4. There are more reasons, but this is a good closer. As an American author, I will be depicting a bunch of people almost entirely from nationalities and cultures other than my own. If I have a token American character in there, that’s probably acceptable; it’s an unspoken rule of life and literature than you can poke fun at your own people. Getting anyone or anything else wrong, however, reflects poorly on me as the author and to a smaller extent poorly on the United States as a whole. We’re not exactly a paragon of equality and human brotherhood as is, but one way or the other I don’t want to worsen that impression. I could argue that writing is supposed to be judged independently of the author and the author’s origins, etc., but that’s really only practiced by trained critics and only to a limited extent.
Moving away from such dire examples, conveying a vivid impression of a real-world area is also important simply because it’s a real-world area. People recognize it, people know it, which means that an author writing about the village of Zell am Mosel needs to convey the serenity of the Mosel, the stately pace of a barges, the fact that there was intermittent construction right next to the condo his family stayed in for the entire two weeks, damn it all! Because that’s a personal set of experiences, you see, which is what makes the narrative’s depiction of Zell stand out from the hundreds of others that inevitably surround any town with nice views and a lot of good wine for low prices. Sipping a glass of wine by the riverside is not inherently vivid. Enjoying the town’s particular variant of the regional Schwarzkätz riesling while watching ducks wander within a few feet of a picnicking family and their fellows bob in the wake of a river cruise liner is getting there. Throwing in the contrast between light and dark as the sun sets unevenly through the valley, cleanly separating the two halves of Zell, with that we’re getting specific.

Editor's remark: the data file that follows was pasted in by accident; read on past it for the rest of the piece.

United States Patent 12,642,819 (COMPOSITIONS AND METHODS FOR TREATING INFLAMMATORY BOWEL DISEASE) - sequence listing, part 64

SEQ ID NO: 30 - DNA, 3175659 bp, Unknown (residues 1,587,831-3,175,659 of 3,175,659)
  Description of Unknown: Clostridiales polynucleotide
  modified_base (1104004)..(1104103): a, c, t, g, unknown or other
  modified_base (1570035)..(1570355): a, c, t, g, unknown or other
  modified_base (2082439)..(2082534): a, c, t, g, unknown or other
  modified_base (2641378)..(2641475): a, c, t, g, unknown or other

Past this point things start coming down to word choice and the order in which images are presented, which is getting into style. Next time on the topic of Worldbuilding, however, I begin to address my specialty: genre fiction in all its forms. Bring your backpacking A-game, because it’s a long walk through Fantasyland.